Twenty-one new industry members were recently officially welcomed to the Bio-Based Industry Consortium (BIC) following approval by its governing bodies. Building on successive years of expanding membership, the addition of these new members demonstrates a sustained interest by industry in funding instruments for bioeconomy investments.
The new members span across the full geographical spectrum of the European continent, from Ireland to Estonia, Portugal to Finland, and as far afield as the United States (US) and Brazil. They range from large, international industries to smaller, standalone SMEs or clusters.
The addition of new members demonstrates the BBI JU’s continued centrality in creating cross-sectoral partnerships and in leveraging and de-risking investments in the circular bioeconomy BIC’s new members will bring an added dimension to its role in setting up new and innovative value chains, fostering new investments and stimulating jobs and growth in the bioeconomy, said Dirk Carrez, Executive Director of the Bio-based Industries Consortium (BIC).
Investing in European bioeconomy
BIC is a non-profit organisation set up in Brussels, Belgium in 2013 and represents the private sector in a Public-Private Partnership (PPP) with the European Commission, also known as the Bio-based Industries Joint Undertaking (BBI JU).
This public-private partnership aims to invest EUR 3.7 billion in bio-based innovation between 2014 and 2020. The BBI JU, operating under the Horizon 2020 research and innovation (R&I) programme , was set up as one of the pillars of the EU Bioeconomy strategy (2012).
The BIC has more than 160 industry members from sectors as diverse as agriculture, food and feed, aquaculture and marine, biochemicals and materials, forestry and pulp & paper, technology providers, waste management, brand owners and beyond.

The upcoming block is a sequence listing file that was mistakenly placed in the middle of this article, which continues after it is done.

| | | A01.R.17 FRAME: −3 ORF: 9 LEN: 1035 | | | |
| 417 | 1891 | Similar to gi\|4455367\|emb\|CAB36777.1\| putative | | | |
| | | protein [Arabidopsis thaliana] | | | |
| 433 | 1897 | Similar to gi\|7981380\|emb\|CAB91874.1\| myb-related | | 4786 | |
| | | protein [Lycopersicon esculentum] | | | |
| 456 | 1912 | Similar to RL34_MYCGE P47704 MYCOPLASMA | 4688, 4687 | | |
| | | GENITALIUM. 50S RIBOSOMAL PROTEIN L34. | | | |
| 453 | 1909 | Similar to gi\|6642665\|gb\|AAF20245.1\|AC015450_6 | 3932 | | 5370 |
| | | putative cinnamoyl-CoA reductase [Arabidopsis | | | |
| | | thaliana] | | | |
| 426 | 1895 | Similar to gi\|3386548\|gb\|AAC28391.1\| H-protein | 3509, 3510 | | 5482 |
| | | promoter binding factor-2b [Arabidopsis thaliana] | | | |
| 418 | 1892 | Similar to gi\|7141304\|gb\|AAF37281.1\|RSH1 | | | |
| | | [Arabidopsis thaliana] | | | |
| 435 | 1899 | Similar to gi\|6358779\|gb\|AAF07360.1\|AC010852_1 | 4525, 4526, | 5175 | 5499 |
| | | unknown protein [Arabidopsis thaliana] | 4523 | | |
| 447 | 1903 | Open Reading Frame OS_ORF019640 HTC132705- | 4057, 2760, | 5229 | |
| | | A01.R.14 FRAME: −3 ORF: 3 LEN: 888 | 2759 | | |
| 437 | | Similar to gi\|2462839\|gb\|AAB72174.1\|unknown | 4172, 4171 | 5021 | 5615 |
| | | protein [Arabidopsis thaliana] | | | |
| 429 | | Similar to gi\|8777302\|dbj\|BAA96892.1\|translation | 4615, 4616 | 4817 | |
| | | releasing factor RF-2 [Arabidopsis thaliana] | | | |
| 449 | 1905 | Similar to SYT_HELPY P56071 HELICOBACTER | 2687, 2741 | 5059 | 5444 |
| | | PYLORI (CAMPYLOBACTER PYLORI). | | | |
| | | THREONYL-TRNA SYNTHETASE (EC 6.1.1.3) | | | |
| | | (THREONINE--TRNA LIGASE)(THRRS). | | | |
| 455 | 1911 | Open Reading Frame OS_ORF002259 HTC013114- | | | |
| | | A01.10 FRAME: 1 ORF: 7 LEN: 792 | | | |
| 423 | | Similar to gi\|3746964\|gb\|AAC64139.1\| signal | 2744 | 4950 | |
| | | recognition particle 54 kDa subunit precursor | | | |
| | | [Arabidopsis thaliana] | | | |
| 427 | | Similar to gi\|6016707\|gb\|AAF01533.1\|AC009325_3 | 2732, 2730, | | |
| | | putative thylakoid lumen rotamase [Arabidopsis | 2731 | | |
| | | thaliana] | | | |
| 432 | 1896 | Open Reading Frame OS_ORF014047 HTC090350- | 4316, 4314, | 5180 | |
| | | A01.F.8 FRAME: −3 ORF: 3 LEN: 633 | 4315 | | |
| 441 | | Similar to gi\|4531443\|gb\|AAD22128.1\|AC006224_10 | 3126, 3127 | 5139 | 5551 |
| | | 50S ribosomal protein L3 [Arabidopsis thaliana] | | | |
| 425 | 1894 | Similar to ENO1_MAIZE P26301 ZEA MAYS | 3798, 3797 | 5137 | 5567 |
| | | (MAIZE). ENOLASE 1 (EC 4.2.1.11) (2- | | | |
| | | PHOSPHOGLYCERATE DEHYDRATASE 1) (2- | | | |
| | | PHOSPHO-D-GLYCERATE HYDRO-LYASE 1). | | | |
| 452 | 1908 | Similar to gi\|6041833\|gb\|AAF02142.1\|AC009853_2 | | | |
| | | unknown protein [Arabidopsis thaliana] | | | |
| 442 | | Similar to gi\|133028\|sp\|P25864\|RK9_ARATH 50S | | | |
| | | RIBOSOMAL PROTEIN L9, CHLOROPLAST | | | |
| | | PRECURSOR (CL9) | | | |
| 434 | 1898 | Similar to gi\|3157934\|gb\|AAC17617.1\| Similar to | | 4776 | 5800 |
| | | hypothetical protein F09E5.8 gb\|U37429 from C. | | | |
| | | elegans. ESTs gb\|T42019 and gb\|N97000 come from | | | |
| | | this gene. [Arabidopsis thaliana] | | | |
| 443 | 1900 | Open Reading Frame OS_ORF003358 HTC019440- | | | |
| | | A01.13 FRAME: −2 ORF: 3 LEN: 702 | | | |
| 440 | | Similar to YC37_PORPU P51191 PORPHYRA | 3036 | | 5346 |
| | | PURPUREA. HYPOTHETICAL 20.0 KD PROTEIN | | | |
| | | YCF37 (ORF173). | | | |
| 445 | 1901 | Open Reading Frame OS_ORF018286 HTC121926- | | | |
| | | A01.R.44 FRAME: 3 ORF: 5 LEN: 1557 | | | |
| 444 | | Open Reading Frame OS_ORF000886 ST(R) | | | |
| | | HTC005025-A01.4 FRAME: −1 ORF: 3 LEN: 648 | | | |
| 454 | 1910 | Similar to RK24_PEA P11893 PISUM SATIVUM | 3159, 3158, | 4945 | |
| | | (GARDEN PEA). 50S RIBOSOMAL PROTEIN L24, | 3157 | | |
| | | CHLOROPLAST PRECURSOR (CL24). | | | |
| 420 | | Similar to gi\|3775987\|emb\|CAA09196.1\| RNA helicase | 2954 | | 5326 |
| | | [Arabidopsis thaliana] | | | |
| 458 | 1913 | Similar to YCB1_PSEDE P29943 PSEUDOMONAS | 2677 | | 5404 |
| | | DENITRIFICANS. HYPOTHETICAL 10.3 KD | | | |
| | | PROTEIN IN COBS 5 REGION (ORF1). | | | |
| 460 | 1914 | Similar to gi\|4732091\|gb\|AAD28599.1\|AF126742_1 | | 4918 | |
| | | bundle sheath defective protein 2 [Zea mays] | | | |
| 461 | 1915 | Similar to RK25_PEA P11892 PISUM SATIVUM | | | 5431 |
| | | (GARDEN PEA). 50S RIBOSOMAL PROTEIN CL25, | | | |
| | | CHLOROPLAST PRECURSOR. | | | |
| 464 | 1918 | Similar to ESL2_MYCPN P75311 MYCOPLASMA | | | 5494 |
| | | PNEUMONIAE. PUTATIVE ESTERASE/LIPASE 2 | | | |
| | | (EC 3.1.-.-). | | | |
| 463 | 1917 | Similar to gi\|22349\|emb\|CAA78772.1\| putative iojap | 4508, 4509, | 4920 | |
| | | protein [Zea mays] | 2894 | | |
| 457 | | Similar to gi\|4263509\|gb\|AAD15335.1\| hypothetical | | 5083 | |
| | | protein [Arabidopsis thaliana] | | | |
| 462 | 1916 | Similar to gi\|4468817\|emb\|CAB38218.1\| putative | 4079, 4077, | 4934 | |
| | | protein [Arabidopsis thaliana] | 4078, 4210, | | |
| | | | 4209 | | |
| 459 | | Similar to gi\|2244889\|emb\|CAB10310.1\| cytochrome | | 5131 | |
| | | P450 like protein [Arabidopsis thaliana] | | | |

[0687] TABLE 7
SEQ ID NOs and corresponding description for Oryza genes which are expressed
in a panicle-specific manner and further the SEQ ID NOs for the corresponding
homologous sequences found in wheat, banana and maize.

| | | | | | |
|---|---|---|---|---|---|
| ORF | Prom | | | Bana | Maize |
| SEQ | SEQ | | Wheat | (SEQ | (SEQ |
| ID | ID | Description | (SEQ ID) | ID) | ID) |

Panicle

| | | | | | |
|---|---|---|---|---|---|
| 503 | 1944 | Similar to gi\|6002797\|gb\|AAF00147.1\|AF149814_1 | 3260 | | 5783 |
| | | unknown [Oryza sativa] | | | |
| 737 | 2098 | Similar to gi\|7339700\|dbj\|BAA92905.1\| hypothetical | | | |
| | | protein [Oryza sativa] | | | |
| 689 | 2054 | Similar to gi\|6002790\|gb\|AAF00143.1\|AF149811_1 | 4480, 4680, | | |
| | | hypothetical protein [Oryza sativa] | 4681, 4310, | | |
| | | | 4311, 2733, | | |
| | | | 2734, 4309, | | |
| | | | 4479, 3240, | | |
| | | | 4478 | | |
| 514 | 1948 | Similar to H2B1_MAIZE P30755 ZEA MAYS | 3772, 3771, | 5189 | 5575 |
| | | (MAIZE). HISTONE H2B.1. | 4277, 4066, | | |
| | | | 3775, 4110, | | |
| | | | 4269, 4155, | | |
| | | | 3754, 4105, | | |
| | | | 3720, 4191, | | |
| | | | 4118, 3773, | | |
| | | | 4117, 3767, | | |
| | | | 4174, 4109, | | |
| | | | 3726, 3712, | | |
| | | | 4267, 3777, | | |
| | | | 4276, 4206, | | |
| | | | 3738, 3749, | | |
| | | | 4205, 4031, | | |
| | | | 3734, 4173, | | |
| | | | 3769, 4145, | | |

It is the only EU-focused organisation on the bioeconomy which includes multiple sectors in its membership, covering the whole value chain: from primary production to brand owners, facilitating market uptake of new innovations.
BIC’s new members also illustrate the growing interest of non-EU industries in accessing funding for investment in the European bioeconomy. Amongst the new members, there is also a marked increase in representation from the aquaculture and marine and agriculture, food & feed sectors – both burgeoning sectors of the European bioeconomy.
BIC’s ever-expanding membership will open new opportunities to create long-lasting synergies between sectors, a process which BIC membership facilitates, laying the foundations for new bio-based value chains, of which more than one hundred are expected to be created by 2020.
According to BIC, its growing membership is also evidence of the impact of the BBI JU and its importance in driving industry investment decisions in the European bioeconomy. The latest investment figures confirm that BIC members have more than doubled their investment plans in the bioeconomy from EUR 2.1 million in 2014 to EUR 5.5 billion in 2018, a trend that BIC expects to continue with the BBI JU’s support.